The British statesman Winston Churchill famously wrote, “Those that fail to learn from history are doomed to repeat it.” So we, as a progressive, aspirational nation, with a $5 trillion economy target before us, must not allow ourselves to fall into the polarization trap laid by politicians and vested interests.

While most of the nation looks towards development and prosperity, sadly, there are elements within the country who are trying to follow in the footsteps of our neighbour.

If data compiled by the United Christian Forum (UCF) till the middle of this year is to be believed, violence against Christians occurred in 23 States in 2023. Uttar Pradesh leads with 155 incidents, followed by Chhattisgarh with 84 incidents, Jharkhand with 35, Haryana with 32, Madhya Pradesh with 21, Punjab with 12, Karnataka with 10, Bihar with 9, Jammu & Kashmir with 8, Gujarat with 7, Uttarakhand with 4, Tamil Nadu with 3, West Bengal with 3, Himachal Pradesh with 3, Maharashtra with 3, Odisha with 2, Delhi with 2, and Andhra Pradesh, Assam, Chandigarh, and Goa with one incident each. The UCF has filed a petition with the Supreme Court decrying the increasing number of attacks and police cases against minority community members, a trend coinciding with the enactment of anti-conversion laws in multiple states.

All this, in a country, where the Government aims to become a developed nation and by its own admission wants to focus on inclusive growth. In the recently-concluded Monsoon Session of Parliament, Minister of State for Finance Pankaj Chaudhary told the House that “The Government’s roadmap to making India a $5 trillion economy comprises measures like focusing on inclusive growth, promoting digital economy, fintech, technology-enabled development, energy transition and climate action, and relying on a virtuous cycle of investment and growth.”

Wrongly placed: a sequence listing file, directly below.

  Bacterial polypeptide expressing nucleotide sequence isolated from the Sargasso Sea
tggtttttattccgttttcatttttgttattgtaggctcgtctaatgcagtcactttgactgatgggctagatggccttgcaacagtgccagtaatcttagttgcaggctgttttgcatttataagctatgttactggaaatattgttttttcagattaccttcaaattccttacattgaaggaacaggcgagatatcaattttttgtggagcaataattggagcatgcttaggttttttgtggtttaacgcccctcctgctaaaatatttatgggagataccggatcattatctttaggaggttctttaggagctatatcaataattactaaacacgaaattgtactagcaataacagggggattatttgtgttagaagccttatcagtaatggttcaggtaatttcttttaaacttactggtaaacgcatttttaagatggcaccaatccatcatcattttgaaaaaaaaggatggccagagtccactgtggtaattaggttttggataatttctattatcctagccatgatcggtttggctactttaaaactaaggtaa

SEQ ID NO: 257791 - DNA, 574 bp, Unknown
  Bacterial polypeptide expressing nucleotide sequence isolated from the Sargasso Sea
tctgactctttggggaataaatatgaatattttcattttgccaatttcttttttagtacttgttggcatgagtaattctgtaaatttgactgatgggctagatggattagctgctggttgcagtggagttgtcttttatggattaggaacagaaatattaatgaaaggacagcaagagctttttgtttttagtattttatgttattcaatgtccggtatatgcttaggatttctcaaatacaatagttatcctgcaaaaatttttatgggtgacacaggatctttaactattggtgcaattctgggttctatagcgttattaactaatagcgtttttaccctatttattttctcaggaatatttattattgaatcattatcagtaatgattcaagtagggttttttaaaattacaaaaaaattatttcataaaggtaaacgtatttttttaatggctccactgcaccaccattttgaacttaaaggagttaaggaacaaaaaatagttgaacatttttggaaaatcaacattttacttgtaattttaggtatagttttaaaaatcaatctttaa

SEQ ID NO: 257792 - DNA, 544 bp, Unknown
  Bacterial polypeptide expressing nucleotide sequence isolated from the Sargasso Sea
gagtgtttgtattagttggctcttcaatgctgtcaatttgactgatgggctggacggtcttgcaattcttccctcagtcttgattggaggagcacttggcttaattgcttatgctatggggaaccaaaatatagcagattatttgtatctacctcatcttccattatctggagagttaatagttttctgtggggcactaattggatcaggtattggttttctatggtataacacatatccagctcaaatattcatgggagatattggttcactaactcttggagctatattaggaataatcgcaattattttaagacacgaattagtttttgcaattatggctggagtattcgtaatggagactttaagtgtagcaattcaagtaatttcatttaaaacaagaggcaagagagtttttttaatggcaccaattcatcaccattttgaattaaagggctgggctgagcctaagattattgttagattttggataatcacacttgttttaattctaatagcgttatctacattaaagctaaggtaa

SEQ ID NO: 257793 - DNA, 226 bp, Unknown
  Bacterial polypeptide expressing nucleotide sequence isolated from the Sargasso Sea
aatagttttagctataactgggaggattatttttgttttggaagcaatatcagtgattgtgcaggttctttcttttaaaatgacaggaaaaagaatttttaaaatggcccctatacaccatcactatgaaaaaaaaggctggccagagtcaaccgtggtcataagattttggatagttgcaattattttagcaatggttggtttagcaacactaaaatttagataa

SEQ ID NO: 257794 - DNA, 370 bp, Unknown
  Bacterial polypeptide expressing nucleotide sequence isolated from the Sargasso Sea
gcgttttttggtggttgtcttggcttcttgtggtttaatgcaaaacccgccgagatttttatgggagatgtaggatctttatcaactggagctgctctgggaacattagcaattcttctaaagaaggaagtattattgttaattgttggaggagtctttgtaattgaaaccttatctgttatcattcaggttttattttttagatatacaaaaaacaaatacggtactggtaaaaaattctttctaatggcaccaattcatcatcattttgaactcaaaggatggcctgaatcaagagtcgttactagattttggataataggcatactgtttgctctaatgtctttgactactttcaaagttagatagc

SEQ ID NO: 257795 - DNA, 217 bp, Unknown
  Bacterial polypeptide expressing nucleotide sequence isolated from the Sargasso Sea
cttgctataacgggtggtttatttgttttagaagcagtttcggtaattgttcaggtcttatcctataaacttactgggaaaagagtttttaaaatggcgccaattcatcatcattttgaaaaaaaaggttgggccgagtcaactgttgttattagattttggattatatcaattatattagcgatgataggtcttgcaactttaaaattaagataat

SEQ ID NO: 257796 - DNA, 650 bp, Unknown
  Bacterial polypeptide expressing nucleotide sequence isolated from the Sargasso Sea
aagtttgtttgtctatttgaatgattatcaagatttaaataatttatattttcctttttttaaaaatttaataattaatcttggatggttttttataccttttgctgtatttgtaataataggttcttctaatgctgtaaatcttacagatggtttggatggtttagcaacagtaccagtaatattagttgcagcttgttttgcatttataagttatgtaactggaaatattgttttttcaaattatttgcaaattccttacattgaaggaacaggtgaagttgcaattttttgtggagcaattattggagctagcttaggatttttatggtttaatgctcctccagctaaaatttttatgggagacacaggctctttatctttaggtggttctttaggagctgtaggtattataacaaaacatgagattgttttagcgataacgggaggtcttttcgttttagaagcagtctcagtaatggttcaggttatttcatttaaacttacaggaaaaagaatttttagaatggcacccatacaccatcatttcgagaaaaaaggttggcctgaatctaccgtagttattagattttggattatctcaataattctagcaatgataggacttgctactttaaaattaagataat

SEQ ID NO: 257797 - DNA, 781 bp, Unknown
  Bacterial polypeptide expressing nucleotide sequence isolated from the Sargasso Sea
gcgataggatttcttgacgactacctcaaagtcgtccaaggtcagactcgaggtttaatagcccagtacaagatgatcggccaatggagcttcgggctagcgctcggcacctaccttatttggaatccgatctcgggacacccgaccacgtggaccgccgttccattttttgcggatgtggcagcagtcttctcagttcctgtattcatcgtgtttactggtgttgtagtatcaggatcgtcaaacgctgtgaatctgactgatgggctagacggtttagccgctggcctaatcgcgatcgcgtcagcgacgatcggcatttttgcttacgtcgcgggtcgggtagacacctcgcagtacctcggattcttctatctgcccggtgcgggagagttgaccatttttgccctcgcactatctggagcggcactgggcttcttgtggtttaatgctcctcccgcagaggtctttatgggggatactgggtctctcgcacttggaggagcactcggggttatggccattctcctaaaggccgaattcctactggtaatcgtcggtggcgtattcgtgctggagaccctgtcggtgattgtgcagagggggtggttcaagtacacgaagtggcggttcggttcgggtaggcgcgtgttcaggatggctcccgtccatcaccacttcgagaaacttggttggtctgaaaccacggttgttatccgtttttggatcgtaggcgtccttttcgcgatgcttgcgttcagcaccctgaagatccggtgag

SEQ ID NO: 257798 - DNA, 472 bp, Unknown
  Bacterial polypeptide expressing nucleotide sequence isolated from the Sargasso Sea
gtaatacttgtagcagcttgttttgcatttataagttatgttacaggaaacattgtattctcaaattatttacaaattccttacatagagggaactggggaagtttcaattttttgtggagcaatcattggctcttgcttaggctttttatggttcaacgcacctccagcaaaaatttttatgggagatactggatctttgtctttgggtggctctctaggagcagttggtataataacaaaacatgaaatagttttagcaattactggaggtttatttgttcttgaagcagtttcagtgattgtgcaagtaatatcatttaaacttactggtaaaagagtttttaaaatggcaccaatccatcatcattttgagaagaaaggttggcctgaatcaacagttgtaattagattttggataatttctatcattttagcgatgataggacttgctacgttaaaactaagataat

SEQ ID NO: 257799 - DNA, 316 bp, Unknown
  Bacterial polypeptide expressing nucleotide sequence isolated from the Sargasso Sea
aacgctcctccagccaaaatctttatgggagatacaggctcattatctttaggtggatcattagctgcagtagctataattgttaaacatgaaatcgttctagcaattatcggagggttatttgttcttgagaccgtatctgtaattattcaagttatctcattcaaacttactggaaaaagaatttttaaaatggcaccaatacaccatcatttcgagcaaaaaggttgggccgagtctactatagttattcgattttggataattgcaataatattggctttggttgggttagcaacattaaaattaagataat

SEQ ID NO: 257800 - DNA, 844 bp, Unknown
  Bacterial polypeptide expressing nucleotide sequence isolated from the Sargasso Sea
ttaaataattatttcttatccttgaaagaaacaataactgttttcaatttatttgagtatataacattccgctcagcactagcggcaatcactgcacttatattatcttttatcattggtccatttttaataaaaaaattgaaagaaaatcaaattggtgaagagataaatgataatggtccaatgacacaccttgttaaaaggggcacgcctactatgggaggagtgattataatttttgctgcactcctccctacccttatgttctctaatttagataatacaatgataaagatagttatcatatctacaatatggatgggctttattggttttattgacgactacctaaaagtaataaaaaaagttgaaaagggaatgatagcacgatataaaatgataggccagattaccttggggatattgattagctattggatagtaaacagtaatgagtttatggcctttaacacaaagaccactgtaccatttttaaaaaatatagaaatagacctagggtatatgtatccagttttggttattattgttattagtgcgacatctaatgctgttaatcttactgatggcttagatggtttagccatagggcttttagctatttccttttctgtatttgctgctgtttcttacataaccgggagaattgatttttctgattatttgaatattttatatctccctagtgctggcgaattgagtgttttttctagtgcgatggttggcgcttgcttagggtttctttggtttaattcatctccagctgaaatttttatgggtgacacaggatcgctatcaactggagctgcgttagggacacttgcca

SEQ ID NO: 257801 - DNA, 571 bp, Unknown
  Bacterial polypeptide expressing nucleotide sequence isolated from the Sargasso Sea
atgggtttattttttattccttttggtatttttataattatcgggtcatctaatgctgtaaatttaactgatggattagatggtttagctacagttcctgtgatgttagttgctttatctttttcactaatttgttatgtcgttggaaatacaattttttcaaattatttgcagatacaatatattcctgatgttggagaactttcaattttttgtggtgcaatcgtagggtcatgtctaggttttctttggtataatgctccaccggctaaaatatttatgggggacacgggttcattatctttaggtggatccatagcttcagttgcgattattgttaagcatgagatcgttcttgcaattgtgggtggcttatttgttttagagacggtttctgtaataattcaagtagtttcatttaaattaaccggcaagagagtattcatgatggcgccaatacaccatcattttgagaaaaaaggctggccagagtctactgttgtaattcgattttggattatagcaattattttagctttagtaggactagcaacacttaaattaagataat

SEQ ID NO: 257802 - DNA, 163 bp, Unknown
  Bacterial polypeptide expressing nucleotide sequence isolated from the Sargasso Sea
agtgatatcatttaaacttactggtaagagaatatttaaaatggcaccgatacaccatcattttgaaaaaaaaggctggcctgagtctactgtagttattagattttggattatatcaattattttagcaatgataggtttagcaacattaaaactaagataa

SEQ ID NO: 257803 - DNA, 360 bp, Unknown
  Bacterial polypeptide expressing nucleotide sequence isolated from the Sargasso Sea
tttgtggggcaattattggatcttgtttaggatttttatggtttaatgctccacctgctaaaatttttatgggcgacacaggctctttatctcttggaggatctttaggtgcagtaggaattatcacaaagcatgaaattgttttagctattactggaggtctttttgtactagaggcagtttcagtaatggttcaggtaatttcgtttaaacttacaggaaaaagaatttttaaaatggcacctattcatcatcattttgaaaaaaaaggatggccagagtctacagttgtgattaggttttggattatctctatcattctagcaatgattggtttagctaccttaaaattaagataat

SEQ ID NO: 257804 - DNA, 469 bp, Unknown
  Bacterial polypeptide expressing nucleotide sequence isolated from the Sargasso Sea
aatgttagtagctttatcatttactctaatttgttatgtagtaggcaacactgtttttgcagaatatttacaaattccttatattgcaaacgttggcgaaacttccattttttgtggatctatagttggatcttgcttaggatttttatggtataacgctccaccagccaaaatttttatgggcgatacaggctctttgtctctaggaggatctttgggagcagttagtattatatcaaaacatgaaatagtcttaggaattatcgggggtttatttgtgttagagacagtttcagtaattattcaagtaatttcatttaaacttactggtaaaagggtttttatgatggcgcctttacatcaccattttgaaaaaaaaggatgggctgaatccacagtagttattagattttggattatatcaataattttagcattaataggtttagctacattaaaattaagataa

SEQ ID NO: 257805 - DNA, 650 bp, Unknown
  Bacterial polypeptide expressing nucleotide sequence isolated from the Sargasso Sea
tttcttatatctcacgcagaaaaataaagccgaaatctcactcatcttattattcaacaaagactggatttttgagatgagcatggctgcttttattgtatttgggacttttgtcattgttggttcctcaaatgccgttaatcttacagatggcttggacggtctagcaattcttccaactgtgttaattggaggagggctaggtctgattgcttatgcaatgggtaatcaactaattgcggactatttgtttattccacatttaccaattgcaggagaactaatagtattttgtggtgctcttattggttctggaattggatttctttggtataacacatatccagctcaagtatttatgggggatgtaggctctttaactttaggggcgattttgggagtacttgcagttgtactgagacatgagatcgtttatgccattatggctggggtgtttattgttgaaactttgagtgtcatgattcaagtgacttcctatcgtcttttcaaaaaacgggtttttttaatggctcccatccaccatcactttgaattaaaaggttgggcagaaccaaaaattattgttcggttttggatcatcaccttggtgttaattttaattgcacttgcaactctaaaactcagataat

But, if we tear our social fabric apart, how will we achieve this inclusive growth and $5 trillion economy?

The Government has to spend crores in keeping the peace in strife-torn areas of our country. Precious funds in a developing nation, that could be better utilized for development projects. Take Kashmir for instance, to quote a report from Outlook, “There is no definite figure but informed guesstimates put the money spent by the Indian Army and paramilitary forces in Kashmir, including Siachen, at Rs 6 crore a day. That is Rs 2,190 crore a year.” And this is the cost of peace in just one State!